Support end-of-life options

To the editor,

Please support our petition drive to get the Colorado End of Life Options Act on the ballot this November. This initiative, modeled after Oregon’s 1997 “Death With Dignity” law, would amend the Colorado statutes to allow individuals who are suffering an incurable illness and who have less than six months to live to ask their physician for medication they can use to end their life. There are many safeguards included to prevent misuse. No one is asked to do anything against his or her personal beliefs.

There will be a training session for those who would like to volunteer as petition circulators. Please contact Juanita Ainsley at if you would like to attend this session. Or contact to sign the petition or request more information about the act.

Please help us get on the ballot this fall.

– Patrick Lyon, Durango

A new outlook on hepatitis C

To the editor,

Here at Liver Health Connection, we educate patients, providers and the general public about diseases affecting the liver and provide advocacy, resources and support. Two diseases of particular concern to us are hepatitis C, a life-threatening chronic disease that affects an estimated 3.2 million Americans, including about 60,000 people in Colorado, and liver cancer, the sixth leading cause of cancer in the U.S. 

The Baby Boomer generation, those born between?? 1945-65, are most likely to be diagnosed with hepatitis C. It is particularly important for people in this age group to get tested for this disease because their health is being compromised without their knowledge – hence, the “silent epidemic” name. Hepatitis C can often be asymptomatic, and many patients do not realize that they carry the virus until it has done significant damage to the liver.  

Until recently, the treatment for hepatitis C was an 11-month round of medication that caused patients to feel sick and even then, had a low success rate. However, thanks to years of pharmaceutical research, new treatments have few side effects and can cure over 90 percent of patients in a matter of weeks.  

However, some insurance companies and Colorado Medicaid are restricting access to these medicines. They argue that hepatitis C is a “chronic disease,” so all patients don’t need to be treated immediately. They are limiting insurance coverage to only the sickest patients, while the rest of the hepatitis C community waits around until they are sick enough to be treated.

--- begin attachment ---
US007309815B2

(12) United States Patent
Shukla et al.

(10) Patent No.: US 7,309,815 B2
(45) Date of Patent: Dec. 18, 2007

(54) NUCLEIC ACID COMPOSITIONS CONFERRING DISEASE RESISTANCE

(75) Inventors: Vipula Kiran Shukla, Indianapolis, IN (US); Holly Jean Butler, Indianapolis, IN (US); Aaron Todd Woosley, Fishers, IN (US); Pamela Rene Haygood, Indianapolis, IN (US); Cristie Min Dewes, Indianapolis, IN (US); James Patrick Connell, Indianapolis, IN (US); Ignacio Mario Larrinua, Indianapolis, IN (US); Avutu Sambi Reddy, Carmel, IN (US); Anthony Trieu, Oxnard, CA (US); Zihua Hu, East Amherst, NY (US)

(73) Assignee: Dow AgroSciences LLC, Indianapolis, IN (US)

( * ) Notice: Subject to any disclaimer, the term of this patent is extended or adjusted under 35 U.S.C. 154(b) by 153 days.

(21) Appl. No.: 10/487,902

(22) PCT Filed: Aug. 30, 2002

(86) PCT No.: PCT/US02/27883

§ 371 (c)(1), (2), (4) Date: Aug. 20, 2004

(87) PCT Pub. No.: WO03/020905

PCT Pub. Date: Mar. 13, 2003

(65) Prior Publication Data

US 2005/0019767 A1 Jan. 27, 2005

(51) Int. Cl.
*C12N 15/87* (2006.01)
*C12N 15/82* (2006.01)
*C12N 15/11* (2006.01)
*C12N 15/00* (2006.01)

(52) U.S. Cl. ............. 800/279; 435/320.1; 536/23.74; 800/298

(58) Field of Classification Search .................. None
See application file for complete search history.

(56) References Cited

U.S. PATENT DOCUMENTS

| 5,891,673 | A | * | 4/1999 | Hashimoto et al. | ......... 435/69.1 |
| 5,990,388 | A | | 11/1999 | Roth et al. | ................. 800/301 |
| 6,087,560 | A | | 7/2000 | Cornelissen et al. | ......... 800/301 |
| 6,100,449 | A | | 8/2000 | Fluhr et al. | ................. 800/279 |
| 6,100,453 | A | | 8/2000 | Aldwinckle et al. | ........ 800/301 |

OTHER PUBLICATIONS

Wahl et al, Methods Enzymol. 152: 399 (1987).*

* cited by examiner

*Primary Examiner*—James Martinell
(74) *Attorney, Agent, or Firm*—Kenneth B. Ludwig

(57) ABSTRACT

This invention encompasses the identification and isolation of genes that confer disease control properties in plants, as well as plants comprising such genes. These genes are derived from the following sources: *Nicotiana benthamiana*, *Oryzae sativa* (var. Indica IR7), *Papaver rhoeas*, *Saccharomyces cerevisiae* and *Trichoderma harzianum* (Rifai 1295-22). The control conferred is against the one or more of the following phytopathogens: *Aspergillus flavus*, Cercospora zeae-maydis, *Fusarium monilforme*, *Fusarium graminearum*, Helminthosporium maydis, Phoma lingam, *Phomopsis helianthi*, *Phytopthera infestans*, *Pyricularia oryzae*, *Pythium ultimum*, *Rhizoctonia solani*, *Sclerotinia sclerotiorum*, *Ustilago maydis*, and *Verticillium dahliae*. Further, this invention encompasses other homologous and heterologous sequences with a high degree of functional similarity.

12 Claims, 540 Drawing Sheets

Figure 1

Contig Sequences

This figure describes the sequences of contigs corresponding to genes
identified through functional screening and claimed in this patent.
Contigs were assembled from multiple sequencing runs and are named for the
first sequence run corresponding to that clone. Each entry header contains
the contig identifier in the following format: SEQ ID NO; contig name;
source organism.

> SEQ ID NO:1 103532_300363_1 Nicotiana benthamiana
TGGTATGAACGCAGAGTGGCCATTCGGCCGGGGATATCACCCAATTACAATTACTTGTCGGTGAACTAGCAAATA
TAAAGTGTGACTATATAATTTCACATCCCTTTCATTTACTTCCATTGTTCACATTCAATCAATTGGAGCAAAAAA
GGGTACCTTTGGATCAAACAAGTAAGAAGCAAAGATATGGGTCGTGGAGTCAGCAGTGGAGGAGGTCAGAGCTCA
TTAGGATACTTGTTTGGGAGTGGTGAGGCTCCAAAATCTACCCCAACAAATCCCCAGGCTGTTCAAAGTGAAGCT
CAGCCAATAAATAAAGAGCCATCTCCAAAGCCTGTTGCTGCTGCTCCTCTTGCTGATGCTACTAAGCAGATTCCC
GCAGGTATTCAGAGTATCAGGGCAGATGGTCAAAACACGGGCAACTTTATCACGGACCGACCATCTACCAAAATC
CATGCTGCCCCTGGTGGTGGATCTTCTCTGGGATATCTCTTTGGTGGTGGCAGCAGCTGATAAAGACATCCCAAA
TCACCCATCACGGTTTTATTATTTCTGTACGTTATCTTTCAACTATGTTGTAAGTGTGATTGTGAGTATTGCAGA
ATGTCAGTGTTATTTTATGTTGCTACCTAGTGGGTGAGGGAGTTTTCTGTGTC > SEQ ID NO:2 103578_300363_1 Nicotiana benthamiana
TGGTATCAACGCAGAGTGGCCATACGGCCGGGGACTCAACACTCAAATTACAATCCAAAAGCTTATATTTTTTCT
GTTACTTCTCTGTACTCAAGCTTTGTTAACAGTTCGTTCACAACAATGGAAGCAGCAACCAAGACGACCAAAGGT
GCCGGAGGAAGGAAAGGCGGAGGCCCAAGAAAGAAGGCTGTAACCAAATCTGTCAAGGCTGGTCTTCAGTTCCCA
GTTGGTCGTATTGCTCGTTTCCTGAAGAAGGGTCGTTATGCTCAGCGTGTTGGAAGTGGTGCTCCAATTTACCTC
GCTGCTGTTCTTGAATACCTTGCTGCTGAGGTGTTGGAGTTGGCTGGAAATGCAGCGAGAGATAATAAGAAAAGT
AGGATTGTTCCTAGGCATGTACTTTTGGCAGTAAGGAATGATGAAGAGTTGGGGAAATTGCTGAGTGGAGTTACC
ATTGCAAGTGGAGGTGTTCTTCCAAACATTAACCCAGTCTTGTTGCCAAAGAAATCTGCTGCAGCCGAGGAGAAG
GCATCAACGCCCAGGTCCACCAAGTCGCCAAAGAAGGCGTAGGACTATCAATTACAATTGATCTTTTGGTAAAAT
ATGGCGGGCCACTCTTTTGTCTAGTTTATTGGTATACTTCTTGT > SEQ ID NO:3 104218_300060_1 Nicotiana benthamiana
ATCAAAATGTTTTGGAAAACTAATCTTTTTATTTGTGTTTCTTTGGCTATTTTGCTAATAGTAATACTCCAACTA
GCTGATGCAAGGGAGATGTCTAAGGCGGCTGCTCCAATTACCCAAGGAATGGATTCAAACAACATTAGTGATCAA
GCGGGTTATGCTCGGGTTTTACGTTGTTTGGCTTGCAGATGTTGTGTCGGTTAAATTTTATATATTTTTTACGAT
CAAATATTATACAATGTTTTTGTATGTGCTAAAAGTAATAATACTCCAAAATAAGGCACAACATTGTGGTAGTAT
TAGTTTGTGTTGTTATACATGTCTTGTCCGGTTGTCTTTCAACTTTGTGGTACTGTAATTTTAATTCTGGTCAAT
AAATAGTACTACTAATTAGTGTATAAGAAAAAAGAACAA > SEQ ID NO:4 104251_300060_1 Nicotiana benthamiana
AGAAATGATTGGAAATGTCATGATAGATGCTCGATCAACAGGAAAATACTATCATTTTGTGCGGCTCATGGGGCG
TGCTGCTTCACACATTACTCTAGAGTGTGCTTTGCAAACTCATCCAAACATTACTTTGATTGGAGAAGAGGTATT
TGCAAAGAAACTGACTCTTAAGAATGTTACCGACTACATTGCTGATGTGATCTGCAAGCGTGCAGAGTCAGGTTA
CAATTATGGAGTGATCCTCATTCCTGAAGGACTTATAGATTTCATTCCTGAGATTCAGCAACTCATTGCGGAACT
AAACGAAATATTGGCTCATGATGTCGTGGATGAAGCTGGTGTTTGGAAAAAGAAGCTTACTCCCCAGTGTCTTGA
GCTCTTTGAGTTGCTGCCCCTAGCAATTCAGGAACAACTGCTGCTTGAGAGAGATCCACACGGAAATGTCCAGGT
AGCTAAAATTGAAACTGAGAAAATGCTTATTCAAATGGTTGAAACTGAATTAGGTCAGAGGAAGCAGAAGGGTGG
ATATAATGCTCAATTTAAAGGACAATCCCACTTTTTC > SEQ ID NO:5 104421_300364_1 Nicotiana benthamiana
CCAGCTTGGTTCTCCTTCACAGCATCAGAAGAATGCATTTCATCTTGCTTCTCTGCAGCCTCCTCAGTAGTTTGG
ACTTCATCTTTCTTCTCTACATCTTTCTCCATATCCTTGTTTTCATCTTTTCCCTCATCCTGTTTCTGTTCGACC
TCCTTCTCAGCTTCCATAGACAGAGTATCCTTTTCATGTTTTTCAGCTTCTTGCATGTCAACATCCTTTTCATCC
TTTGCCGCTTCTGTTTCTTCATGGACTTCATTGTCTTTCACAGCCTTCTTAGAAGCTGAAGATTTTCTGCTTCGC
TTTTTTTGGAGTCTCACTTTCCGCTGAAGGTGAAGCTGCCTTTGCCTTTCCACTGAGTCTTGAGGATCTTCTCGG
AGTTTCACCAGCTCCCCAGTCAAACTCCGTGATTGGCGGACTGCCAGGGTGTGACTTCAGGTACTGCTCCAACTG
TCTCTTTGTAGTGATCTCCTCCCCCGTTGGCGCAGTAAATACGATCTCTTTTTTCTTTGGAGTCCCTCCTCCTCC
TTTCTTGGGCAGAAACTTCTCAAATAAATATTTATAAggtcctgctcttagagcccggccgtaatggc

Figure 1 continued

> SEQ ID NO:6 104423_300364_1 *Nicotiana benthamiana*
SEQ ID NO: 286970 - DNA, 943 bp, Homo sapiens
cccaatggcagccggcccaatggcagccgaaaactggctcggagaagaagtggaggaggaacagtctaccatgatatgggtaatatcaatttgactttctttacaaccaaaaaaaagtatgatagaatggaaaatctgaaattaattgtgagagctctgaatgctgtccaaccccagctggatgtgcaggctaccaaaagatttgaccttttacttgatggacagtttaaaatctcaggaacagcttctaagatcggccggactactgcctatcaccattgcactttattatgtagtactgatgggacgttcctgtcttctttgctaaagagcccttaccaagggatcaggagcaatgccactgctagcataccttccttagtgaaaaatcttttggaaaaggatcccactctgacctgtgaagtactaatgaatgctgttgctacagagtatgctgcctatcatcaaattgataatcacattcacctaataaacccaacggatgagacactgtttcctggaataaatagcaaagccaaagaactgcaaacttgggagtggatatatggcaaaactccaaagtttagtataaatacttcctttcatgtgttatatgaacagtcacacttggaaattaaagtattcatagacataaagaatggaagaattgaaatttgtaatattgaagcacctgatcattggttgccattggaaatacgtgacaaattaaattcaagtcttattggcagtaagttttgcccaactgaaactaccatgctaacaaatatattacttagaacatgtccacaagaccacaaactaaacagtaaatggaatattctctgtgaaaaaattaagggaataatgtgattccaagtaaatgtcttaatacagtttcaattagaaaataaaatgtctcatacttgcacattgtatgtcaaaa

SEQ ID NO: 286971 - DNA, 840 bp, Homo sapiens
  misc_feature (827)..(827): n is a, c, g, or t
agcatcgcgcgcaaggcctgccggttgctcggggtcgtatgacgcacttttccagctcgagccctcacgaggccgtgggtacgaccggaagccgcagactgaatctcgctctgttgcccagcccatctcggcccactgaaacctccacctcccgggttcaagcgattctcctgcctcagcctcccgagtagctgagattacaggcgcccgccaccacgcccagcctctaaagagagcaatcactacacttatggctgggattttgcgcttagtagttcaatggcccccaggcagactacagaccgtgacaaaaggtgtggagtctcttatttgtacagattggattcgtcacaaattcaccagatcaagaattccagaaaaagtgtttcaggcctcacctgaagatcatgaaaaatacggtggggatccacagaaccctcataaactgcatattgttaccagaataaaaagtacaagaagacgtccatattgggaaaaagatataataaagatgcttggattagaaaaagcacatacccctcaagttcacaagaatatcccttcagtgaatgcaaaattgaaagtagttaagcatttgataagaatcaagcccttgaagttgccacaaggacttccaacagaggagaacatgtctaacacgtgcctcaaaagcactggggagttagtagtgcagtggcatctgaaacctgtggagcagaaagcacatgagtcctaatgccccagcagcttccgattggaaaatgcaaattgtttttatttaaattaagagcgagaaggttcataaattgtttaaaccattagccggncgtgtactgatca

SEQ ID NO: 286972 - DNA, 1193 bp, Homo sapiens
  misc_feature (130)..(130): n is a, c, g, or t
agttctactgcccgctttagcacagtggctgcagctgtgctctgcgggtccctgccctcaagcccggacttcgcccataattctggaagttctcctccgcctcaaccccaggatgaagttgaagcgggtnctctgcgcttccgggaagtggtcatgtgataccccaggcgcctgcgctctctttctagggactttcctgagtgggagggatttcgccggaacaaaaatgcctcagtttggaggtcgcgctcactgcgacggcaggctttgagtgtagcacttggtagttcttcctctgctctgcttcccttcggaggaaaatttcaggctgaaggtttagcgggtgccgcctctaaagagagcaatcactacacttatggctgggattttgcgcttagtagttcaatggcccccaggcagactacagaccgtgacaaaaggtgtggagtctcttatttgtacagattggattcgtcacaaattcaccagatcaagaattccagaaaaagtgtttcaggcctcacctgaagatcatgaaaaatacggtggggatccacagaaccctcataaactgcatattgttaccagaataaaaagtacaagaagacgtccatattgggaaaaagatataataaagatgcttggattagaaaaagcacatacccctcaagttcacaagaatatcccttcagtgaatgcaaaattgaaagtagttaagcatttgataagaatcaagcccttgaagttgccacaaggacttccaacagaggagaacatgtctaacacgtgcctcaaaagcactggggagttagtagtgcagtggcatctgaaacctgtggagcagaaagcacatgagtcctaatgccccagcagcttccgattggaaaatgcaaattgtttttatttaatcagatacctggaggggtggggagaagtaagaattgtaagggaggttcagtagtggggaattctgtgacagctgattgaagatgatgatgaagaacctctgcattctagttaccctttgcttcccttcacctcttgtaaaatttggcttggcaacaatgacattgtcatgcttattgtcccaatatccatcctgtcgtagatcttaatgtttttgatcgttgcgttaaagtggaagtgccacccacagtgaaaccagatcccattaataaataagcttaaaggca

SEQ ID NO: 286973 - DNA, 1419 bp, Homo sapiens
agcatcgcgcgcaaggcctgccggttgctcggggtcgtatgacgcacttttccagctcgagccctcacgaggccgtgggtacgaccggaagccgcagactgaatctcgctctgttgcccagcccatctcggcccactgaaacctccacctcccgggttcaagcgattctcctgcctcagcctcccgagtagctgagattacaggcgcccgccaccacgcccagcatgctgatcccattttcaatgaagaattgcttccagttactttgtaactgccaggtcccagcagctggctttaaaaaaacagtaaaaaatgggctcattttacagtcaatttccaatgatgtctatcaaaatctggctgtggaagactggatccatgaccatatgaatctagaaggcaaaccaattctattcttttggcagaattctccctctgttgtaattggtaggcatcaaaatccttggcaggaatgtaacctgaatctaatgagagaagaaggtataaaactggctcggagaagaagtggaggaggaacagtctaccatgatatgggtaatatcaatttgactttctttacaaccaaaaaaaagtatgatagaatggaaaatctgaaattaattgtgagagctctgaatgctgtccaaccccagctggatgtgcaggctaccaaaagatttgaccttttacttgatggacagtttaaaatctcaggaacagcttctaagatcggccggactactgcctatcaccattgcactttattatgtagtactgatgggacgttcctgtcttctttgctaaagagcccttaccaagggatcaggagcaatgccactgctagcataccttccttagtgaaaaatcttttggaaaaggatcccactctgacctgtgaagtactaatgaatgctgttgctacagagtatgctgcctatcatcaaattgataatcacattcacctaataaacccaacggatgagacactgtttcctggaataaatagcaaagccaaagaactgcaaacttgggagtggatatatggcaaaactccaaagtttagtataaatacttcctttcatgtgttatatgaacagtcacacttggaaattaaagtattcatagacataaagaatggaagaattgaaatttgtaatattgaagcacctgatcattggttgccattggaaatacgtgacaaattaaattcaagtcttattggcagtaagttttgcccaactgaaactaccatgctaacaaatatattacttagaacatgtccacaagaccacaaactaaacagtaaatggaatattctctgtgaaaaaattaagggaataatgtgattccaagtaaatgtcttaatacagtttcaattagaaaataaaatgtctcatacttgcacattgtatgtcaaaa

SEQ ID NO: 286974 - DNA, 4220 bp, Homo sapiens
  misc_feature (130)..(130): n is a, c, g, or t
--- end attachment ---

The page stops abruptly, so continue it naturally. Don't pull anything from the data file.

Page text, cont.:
If left untreated, the disease can lead to cirrhosis and liver cancer, which are much more difficult and expensive to treat than the virus itself. Every year, approximately 19,000 Americans die from liver cancer or chronic liver disease associated with viral hepatitis. Likewise, from 2008-12, liver cancer incidence increased an average of 2.3 percent per year, and the death rate from liver cancer also has increased. 

These new hepatitis C treatments give patients hope for a healthy life and the chance to avoid much more expensive, painful and difficult procedures and also reduce the likelihood of liver cancer. We must ensure that patients have access to these treatments and continue to maintain an innovation-friendly marketplace, securing cures for tomorrow.  

Disease progression is not linear, that is, one person may get sicker while another does not. “Wait and see” is not an appropriate response when it’s not clear who will get worse during the waiting period.  Doctors – not the insurance industry – should be making the decisions for a patient’s health care.

– Nancy Steinfurth, executive director, Liver Health Connection


As a boy he read Will James.
He used to say that memory
was a kind of silence,
and that seeking fortunes
was the straightest path to hell.
He warned me
that when I got older,
and if I wasn’t wary
or careful,
I could end up shipwrecked
on the prairie of my dreams.
I can still hear
the quick whistle
as his remuda swam
through the salt brush and sage,
down the slope,
gaining momentum,
a slow thunderous cloud.
They headed south like some flotilla,
into the arroyo creating a dusty swirl.
I could barely see him,
hands folded over the horn,
rocking in the saddle
like some old sea captain,
the brim pushed up and bent,
his unique signature,
and again, that sharp whistle,
through the dust devil,
and “Ole Socks,” the heeler responding.
Sweat trailed sinew,
they slowly faded
over the edge of the day
and into the shadows
of another time. 

– Burt Baldwin, Ignacio  

No aircraft for Iran

To the editor,

Boeing Co. recently cut a deal with Iran Air to sell it 100 Boeing 737s and 777s worth about $25 billion, which is a nice contract for Boeing and its employees.

Unfortunately, Iran Air has used passenger and cargo planes to transport military equipment to Syria and other Middle East countries, and there is nothing to prevent them from continuing this practice. Some of the military shipments included materials for advanced weapons, and rockets and missiles. Furthermore, it is possible these planes could be used to move troops and could possibly be converted to bombers

The U.S. could revoke the license to sell the aircraft if Iran violates the agreement, but Iran would have control of the previously delivered aircraft at that time.

Congress should not approve this contract. If it is approved, delivery of the aircraft should be stretched out over an extended number of years. Additionally, we should install back door disabling software in each aircraft which we can energize at our discretion.

– Donald Moskowitz, Londonderry, N.H.